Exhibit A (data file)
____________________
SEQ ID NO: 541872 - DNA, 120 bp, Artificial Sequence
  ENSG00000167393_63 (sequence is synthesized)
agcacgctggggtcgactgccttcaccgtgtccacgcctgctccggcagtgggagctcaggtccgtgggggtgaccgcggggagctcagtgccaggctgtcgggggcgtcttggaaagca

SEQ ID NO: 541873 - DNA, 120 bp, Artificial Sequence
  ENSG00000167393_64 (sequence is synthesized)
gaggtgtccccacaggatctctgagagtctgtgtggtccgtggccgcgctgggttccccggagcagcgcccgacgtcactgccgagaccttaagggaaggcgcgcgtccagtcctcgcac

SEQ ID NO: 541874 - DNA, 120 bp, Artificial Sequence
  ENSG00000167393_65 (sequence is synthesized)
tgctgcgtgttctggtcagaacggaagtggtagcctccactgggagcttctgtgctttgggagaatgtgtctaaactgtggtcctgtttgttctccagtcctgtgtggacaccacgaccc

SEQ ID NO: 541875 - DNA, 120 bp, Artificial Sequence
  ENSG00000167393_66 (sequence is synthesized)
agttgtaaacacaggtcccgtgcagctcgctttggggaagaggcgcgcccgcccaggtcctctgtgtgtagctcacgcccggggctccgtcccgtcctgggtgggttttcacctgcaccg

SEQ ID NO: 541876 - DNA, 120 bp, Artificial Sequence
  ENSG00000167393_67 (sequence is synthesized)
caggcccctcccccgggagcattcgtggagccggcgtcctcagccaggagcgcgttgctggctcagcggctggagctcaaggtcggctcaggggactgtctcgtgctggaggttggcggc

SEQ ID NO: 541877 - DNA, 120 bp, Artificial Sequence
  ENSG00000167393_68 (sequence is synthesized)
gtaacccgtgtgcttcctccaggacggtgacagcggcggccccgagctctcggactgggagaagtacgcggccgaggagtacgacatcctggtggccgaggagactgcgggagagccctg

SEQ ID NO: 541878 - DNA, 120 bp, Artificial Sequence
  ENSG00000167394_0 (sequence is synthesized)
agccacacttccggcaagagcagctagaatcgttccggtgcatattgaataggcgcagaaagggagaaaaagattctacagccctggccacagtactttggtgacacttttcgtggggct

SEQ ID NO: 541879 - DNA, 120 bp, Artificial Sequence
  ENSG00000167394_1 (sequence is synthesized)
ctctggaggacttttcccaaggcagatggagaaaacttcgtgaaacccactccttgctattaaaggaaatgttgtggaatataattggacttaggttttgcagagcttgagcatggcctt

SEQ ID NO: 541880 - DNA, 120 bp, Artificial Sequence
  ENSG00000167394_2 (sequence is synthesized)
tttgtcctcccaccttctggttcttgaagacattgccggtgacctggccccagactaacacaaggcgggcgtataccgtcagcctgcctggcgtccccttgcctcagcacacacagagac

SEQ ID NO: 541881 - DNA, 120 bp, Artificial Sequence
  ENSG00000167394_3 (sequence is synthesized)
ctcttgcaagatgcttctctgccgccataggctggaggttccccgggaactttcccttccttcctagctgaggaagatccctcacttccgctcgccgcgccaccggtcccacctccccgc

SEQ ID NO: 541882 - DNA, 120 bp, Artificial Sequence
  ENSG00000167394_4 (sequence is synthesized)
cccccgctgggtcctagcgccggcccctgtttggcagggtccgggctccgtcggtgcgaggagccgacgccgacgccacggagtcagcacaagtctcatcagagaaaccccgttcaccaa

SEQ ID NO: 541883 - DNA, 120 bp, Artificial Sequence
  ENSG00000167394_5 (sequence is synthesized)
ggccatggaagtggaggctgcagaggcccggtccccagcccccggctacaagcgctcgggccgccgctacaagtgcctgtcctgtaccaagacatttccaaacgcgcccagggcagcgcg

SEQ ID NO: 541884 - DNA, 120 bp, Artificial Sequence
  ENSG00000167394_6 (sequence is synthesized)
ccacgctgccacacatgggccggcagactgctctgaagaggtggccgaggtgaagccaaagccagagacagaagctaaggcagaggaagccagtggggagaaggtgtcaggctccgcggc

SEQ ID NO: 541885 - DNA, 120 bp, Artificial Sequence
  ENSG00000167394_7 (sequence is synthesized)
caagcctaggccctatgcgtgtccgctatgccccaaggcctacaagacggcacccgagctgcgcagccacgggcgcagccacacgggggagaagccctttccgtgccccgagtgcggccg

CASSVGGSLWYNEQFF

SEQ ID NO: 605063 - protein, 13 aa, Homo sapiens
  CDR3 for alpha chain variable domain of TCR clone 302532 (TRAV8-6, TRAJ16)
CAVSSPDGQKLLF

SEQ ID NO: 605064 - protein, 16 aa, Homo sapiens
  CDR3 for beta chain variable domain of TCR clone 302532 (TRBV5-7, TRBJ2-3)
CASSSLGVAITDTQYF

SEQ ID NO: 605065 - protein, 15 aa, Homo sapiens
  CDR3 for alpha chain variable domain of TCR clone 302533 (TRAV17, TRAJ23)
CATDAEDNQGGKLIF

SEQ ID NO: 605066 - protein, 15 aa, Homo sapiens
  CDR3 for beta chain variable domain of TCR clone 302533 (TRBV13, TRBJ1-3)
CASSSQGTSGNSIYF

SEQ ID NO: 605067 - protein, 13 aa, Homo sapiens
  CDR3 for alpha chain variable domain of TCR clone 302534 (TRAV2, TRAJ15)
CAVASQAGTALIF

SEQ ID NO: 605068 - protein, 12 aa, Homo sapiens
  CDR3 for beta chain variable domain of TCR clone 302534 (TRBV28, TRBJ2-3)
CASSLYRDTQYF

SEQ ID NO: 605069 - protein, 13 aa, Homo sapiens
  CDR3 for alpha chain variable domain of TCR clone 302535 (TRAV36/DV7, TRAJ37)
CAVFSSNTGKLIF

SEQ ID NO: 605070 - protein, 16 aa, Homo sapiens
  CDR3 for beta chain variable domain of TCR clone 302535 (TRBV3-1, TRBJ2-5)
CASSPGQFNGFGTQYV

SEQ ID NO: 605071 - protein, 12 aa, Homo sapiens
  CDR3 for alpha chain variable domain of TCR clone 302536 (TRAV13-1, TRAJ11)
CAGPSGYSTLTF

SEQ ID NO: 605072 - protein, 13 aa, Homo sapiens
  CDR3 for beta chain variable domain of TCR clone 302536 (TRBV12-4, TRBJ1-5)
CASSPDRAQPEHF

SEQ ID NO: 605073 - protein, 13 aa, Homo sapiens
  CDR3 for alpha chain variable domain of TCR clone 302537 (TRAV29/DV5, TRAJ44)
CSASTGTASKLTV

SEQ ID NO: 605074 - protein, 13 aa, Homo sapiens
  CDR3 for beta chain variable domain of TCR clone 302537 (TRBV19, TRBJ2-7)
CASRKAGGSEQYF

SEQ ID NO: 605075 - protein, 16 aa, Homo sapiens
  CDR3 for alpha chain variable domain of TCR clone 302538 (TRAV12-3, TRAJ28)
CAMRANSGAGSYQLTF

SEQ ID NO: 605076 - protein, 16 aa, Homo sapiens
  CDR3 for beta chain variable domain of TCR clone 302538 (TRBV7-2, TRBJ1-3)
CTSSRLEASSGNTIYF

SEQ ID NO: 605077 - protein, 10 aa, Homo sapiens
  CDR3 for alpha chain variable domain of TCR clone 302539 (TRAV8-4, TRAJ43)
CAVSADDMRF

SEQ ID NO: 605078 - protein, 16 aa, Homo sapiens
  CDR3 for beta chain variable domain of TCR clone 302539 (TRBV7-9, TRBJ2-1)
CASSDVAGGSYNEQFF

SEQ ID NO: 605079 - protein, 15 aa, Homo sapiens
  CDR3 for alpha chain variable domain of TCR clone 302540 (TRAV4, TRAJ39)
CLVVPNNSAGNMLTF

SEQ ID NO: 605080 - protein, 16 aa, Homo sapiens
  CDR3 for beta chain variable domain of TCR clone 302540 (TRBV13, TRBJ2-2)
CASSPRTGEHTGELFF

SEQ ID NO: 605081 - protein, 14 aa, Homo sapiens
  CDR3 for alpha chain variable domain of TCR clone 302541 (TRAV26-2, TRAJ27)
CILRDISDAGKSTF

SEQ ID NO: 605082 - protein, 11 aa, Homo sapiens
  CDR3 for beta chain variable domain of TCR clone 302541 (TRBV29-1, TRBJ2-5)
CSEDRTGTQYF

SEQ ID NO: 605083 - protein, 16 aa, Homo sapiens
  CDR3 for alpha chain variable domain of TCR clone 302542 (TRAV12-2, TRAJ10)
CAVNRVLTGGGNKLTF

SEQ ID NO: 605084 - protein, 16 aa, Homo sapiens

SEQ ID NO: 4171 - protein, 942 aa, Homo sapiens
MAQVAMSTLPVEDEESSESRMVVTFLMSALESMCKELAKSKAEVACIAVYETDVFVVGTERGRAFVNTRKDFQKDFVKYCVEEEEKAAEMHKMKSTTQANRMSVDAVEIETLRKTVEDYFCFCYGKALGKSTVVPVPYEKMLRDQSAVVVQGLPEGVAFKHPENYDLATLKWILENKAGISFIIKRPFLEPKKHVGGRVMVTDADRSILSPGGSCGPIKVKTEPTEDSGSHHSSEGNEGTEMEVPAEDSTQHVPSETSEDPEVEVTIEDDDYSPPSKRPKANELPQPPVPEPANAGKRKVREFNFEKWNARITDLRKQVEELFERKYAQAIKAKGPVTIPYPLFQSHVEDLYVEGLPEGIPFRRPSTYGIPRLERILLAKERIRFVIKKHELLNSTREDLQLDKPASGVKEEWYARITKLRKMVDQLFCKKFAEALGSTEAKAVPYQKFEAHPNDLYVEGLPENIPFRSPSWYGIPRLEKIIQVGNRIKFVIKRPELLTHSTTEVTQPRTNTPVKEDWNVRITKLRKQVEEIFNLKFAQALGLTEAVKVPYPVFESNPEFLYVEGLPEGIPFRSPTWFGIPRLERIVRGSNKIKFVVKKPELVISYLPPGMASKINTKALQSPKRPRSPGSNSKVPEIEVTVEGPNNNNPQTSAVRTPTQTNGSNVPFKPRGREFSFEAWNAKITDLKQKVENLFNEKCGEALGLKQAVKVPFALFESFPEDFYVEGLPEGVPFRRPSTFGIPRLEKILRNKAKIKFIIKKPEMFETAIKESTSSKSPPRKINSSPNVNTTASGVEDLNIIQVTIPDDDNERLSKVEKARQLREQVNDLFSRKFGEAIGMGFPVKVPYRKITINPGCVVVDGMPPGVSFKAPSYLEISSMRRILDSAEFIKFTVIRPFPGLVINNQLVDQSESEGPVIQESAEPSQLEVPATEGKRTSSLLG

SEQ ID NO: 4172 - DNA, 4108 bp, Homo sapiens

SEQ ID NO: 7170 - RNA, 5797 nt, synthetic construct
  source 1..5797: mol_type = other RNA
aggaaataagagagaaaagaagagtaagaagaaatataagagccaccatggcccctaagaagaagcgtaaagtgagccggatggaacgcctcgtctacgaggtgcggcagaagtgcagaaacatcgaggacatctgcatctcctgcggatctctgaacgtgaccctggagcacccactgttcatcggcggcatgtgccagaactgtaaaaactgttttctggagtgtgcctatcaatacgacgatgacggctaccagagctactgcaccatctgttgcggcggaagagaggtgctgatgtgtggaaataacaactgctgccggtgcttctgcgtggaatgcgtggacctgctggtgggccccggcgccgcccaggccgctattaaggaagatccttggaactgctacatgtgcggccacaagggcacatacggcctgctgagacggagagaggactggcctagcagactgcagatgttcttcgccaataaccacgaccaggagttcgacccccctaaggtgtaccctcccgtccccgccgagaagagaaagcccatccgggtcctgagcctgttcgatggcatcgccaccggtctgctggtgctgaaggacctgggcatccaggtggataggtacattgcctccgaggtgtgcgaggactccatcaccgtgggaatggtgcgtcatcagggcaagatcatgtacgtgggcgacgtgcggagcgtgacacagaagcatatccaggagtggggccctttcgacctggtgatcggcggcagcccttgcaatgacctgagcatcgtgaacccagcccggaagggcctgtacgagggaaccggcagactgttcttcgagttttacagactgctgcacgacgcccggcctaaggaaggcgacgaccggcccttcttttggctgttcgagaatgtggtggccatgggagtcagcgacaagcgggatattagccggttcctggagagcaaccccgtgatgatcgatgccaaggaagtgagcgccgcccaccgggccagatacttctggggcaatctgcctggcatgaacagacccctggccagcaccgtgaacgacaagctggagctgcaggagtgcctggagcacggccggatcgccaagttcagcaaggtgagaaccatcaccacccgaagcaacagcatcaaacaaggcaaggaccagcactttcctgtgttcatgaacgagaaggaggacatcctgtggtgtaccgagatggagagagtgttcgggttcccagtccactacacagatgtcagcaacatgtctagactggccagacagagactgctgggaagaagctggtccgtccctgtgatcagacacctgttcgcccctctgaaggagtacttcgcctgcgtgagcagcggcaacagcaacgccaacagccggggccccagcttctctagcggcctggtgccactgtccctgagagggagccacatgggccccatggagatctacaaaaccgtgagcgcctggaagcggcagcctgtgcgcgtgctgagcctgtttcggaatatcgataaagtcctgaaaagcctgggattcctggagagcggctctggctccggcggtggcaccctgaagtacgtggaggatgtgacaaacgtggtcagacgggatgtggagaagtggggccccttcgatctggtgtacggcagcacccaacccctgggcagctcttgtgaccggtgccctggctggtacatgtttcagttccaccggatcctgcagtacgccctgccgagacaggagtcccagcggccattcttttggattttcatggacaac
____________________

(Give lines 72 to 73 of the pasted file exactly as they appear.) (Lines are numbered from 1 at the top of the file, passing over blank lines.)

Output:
  CDR3 for beta chain variable domain of TCR clone 302536 (TRBV12-4, TRBJ1-5)
CASSPDRAQPEHF